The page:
A Keynesian Dynamic Stochastic Disequilibrium model for business cycle analysis
No 1701, Working Papers from New School for Social Research, Department of Economics
A Dynamic Stochastic Disequilibrium (DSDE) model is proposed for business cycle analysis. Unemployment arises from job rationing due to insucient aggregate spending. The nominal wage is taken as a policy variable subject to a collective Nash bargaining process between workers and rms with the state of the labor market a ecting the relative bargaining power. A precautionary saving motive arising from an uninsurable risk of permanent income loss implies an equilibrium relation between consumption, income and wealth. The DSDE model di ers from the corresponding Dynamic Stochastic General Equilibrium (DSGE) model with labor market clearing in important respects: (i) Output is determined from the demand side and not from the supply side; (ii) The steady-state interest rate cannot be interpreted as a natural rate; (iii) It has to be smaller than the rate of economic growth in order for a steady state to exist; (iv) Determinacy of the solution requires the monetary policy response to in ation to be high (low) at low (high) steady-state interest rates; (v) Fighting in ation is stabilizing in the active monetary policy regime but destabilizing in the passive monetary policy regime; (vi) Macroeconomic responses to monetary policy and productivity shocks are similar to those of the DSGE model but give more weight to quantity adjustment and predict the real wage to increase with productivity.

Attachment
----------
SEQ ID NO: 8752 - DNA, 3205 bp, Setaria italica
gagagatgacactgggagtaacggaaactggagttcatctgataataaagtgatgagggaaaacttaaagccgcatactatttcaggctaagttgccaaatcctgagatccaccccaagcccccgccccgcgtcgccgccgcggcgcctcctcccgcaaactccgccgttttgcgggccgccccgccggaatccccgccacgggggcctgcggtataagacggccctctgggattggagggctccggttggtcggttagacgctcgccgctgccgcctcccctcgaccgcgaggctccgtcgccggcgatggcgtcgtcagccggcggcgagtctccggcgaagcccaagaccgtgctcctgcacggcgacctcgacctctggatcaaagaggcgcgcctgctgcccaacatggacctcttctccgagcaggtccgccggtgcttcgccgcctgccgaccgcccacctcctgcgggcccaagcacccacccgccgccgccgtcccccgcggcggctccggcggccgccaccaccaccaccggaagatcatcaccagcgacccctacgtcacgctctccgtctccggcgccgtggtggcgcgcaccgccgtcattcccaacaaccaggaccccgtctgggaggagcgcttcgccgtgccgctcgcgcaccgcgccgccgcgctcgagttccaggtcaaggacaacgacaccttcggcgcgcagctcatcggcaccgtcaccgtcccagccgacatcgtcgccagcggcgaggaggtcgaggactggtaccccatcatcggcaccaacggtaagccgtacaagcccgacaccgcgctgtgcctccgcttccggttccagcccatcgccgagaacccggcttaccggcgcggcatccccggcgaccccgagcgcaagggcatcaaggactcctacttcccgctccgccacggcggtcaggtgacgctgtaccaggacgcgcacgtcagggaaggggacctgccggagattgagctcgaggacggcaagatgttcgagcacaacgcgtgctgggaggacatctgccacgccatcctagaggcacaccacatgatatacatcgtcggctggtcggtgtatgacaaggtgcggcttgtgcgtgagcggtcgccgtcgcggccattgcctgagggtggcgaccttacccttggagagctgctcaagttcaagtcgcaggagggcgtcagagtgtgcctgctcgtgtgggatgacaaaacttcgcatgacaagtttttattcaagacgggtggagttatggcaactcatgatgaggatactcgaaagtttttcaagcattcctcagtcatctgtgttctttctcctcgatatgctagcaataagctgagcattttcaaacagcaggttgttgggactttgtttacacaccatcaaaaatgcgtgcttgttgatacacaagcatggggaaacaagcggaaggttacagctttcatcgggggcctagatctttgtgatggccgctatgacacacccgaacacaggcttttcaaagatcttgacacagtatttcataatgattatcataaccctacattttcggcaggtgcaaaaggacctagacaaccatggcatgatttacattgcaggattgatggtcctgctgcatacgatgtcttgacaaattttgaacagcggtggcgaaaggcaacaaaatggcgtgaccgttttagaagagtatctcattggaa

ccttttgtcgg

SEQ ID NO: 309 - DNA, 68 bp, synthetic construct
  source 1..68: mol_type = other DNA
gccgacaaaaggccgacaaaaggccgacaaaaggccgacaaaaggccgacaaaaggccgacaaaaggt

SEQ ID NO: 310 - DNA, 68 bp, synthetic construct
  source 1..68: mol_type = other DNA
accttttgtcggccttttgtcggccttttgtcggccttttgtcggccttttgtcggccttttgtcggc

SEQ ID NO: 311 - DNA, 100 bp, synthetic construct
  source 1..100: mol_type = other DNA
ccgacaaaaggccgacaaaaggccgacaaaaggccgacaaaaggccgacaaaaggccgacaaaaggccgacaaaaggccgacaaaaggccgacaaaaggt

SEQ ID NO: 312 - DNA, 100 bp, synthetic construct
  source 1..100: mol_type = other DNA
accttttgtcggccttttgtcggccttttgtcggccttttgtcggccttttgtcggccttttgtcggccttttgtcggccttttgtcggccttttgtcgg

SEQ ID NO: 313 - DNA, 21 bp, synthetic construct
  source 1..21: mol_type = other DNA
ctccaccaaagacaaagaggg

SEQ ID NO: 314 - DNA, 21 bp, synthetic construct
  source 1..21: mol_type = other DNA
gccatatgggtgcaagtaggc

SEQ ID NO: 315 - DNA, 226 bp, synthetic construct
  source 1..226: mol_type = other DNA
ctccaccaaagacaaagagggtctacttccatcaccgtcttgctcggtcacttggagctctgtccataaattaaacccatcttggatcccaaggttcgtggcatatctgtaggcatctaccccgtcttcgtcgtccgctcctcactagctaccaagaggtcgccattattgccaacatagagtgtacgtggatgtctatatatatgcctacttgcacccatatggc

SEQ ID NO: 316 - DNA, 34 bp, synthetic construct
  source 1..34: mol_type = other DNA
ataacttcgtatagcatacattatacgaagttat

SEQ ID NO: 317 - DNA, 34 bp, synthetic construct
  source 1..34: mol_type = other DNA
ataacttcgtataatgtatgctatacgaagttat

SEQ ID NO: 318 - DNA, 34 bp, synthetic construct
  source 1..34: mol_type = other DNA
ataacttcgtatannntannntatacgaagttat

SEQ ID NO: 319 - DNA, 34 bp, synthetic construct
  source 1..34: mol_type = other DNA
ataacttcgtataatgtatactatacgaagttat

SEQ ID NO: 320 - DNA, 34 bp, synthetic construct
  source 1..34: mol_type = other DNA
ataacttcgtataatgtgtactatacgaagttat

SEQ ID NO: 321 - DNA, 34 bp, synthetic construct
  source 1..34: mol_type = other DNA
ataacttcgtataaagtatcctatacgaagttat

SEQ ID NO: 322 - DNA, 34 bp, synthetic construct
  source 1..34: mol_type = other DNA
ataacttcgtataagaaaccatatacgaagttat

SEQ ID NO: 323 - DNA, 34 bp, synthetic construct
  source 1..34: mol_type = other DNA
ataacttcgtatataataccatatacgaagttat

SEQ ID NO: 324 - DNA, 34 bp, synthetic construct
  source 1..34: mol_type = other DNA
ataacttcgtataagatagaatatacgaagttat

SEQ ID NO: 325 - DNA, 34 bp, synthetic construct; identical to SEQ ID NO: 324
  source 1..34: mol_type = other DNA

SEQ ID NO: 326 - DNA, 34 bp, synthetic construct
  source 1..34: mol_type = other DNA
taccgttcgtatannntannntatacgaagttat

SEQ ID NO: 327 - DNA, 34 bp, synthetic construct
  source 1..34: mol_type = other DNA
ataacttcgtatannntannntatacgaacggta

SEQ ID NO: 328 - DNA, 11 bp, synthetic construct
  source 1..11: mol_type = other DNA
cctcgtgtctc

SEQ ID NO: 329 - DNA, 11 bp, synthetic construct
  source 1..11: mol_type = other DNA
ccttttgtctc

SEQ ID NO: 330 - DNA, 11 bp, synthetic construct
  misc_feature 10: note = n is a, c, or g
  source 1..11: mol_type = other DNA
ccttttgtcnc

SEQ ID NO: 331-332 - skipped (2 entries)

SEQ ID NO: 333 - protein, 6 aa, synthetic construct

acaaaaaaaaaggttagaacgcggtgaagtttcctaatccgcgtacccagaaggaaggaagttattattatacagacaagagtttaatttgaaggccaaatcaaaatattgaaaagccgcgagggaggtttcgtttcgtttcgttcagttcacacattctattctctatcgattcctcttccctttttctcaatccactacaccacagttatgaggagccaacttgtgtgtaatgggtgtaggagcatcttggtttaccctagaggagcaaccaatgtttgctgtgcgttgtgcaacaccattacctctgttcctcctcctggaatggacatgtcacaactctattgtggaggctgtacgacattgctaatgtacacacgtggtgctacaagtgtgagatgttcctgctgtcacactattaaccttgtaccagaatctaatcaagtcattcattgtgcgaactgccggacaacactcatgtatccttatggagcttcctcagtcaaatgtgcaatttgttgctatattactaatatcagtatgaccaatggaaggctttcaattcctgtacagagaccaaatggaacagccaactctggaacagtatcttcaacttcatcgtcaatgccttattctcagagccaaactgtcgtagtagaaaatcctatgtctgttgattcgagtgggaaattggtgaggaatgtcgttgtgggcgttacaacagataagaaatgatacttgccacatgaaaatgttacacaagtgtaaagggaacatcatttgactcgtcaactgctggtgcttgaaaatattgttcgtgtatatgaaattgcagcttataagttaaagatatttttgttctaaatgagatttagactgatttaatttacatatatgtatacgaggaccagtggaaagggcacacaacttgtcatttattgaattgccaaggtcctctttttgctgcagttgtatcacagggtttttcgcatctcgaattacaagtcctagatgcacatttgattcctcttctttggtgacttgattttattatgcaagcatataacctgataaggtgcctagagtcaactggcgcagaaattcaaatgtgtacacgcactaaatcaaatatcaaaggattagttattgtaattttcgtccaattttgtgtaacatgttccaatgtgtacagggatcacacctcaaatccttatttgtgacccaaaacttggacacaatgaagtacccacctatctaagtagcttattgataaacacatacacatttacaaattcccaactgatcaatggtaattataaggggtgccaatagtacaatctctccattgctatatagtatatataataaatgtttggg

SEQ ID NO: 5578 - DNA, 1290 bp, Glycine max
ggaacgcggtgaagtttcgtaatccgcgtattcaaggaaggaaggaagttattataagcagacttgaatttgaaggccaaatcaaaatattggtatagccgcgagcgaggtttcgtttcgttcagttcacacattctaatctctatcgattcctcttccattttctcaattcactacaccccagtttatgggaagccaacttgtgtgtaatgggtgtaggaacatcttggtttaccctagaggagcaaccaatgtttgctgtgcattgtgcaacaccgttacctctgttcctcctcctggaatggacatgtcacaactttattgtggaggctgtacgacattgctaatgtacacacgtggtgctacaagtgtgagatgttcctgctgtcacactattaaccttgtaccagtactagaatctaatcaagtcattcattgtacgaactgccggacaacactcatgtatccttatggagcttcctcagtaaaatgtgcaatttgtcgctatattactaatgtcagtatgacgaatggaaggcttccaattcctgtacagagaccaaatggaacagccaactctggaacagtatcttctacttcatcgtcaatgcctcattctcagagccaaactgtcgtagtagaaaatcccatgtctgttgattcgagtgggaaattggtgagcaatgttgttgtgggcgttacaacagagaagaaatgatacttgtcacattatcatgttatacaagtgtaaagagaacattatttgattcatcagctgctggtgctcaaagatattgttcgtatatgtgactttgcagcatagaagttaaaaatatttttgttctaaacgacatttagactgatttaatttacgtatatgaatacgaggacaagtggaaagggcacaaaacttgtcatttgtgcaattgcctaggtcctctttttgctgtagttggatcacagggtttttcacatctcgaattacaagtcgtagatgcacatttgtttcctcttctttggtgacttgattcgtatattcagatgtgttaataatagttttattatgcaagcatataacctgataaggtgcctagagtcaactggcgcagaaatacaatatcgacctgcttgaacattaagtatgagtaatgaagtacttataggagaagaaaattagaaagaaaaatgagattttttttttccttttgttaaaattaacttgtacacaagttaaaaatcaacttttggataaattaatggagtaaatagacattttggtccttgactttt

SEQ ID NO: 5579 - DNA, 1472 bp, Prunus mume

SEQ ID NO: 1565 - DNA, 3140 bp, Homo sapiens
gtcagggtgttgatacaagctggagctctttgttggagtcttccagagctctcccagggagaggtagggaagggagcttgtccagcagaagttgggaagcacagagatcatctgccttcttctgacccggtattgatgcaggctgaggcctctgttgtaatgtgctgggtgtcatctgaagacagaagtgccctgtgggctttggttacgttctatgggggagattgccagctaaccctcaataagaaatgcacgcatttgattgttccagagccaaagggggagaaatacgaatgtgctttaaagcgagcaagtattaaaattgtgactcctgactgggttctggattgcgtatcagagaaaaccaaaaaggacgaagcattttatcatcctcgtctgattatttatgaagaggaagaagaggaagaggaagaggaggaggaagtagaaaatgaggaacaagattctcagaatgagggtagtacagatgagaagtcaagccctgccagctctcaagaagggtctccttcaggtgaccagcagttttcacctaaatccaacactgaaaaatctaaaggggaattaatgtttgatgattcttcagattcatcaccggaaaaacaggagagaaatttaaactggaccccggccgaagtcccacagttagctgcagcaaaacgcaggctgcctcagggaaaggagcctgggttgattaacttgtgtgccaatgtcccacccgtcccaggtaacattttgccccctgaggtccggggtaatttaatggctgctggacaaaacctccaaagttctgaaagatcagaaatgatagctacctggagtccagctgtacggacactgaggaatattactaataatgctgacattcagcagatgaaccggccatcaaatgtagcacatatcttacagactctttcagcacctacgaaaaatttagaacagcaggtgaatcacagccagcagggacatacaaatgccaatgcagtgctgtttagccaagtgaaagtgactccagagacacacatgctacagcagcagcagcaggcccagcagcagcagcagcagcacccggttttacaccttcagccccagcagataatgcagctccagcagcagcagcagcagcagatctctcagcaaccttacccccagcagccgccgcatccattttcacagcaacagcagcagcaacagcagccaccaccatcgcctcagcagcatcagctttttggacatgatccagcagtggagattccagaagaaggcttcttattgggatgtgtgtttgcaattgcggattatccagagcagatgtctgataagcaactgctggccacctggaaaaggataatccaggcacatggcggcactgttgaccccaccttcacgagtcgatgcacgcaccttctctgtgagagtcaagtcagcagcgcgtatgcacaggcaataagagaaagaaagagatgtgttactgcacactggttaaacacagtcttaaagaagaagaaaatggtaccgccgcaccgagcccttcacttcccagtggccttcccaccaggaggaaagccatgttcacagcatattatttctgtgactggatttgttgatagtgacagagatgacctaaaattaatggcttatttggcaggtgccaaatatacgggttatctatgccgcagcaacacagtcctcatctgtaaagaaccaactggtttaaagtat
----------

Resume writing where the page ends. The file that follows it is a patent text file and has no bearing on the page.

Keywords: Dynamic stochastic disequilibrium; labor market disequilibrium; labor rationing; collective wage bargaining; monetary policy (search for similar items in EconPapers)
JEL-codes: B41 E12 J52 (search for similar items in EconPapers)
New Economics Papers: this item is included in nep-dge, nep-lab, nep-mac and nep-pke
References: View references in EconPapers View complete reference list from CitEc
Citations View citations in EconPapers (2) Track citations by RSS feed
Downloads: (external link)
http://www.economicpolicyresearch.org/econ/2017/NSSR_WP_012017.pdf First version, 2017 (application/pdf)
This item may be available elsewhere in EconPapers: Search for items with the same title.
Export reference: BibTeX
RIS (EndNote, ProCite, RefMan)
Persistent link: https://EconPapers.repec.org/RePEc:new:wpaper:1701
Access Statistics for this paper
More papers in Working Papers from New School for Social Research, Department of Economics Contact information at EDIRC.
Bibliographic data for series maintained by Mark Setterfield ().